Toby Creek, Toby Glacier, Mount Toby

Other Names: Qatmuk53, Nelson’s Rivulet54

Shortly after his election to public office in 1863, Dr Isaac Tobey joined a group of prospectors hoping to confirm rumours of gold in the upper Kootenay and headwaters of the Columbia River. Dr Tobey, at least, was among a group that panned what became known as Toby’s Creek.

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Findlay Creek, Glacier, Mount Findlay

Other names: ?Akakus1

“I have just traded $100s worth of the gold round here by the Finley’s, who took out $500 since we came up (August or September early). There are not any whites up here yet, but parties have already commenced preparing ferries on the rivers to the Kootenais in expectation of a rush next season. The gold is coarse and looks well.”7

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Neave Creek (flowing from Lake Lillian into Toby Creek), Neave Road (Invermere)

Neave’s proposed town on the shores of what would become Lake Lillian was never more than an idea. Nonetheless he maintained ownership of that land, and had it surveyed a couple of years later to start a ranch.6 Neave Creek likely ran through the property.

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Mount Brewer (between Toby and Dutch Creeks)
Brewer Creek (flowing into Dutch Creek)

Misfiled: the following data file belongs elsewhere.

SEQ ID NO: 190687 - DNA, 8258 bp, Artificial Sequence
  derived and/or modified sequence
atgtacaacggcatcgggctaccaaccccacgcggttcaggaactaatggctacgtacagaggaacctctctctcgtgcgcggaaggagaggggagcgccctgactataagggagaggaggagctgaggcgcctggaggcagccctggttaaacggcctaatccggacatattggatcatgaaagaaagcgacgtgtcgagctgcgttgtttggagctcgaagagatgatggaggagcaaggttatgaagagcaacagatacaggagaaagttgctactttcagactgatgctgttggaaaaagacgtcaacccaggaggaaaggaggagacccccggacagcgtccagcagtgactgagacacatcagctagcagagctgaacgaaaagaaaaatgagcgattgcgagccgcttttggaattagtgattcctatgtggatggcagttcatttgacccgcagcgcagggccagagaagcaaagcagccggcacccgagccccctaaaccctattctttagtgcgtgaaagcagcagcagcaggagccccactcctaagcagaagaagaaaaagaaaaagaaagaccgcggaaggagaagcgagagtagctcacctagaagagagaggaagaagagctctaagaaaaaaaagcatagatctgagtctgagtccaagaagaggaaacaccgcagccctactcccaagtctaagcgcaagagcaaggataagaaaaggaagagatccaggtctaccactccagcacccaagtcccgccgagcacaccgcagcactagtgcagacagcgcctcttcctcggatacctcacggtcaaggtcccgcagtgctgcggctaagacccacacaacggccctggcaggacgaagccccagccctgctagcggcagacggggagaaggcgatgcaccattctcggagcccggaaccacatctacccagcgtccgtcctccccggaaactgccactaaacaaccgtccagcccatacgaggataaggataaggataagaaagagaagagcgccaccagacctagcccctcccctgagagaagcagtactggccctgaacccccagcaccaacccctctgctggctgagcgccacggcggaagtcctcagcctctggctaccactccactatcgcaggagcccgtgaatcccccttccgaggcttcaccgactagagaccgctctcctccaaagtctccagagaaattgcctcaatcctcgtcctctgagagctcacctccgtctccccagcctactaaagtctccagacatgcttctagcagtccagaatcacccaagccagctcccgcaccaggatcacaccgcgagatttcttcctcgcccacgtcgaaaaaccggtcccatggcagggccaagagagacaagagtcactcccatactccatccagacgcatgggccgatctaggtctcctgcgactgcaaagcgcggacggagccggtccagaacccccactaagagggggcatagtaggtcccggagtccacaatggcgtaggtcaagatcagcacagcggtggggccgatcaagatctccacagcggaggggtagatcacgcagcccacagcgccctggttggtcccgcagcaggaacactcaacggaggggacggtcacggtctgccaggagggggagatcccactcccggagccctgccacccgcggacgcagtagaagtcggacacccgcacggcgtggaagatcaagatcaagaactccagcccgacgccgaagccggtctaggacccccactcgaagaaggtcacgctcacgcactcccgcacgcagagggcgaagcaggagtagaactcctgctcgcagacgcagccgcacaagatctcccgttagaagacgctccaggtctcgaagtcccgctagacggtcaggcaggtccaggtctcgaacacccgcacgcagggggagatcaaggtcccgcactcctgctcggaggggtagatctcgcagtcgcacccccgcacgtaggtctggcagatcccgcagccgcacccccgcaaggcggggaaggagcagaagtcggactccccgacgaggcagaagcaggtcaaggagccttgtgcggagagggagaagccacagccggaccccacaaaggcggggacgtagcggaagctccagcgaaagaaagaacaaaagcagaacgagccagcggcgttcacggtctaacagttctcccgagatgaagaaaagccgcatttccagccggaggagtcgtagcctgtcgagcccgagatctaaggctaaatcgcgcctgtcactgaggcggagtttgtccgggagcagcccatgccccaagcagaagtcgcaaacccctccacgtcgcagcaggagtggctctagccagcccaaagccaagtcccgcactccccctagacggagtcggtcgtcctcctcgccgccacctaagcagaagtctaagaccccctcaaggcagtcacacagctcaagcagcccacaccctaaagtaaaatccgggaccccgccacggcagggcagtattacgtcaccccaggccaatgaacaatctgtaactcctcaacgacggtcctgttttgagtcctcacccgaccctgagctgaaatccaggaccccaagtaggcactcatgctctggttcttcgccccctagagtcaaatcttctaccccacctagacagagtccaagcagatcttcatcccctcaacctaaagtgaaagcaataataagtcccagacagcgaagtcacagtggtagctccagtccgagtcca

The local newspaper noted that, “if there is a more graceful, happy or cheerful couple [than Sam and Helen Brewer] on the crust of this old earth they have not been heard from,” and that, “there is sunshine when they are around.”16

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Mount Slade (at the headwaters between Bruce and Law Creeks)
Slade Creek (historical, now Bruce Creek)

Now some seventy-three years old, Slade continued to work … “tossing boulders out of icy, knee-deep water” and preferring to “wrestle with fifty pound boulders” compared to some of the easier tasks of working a [mining] claim.16

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Mount Taynton, Taynton Creek, Taynton Bay, Taynton Bowl, Taynton Road (Windermere), Taynton Trail (Invermere)

Jack Taynton was described as “a bit of a renegade.” His brother, Bill, was “soft spoken, loved flowers and displayed gentlemanly manners.” Both brothers, and their sons, ended up living or retiring alongside Windermere Lake in an area that became known as Tayntonville or Taynton Bay.

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Law Creek, flowing into Bruce Creek
Mount Law, South of Horsethief Creek

The area of Law Creek (and now Mount Law) is interesting in that it is named after a man who, by all accounts, had left the Kootenays by 1892 never to return. It is also unique as the name “Law Creek” is the best evidence I’ve been able to find for Charles Frederick Law ever having done prospecting work in that area.

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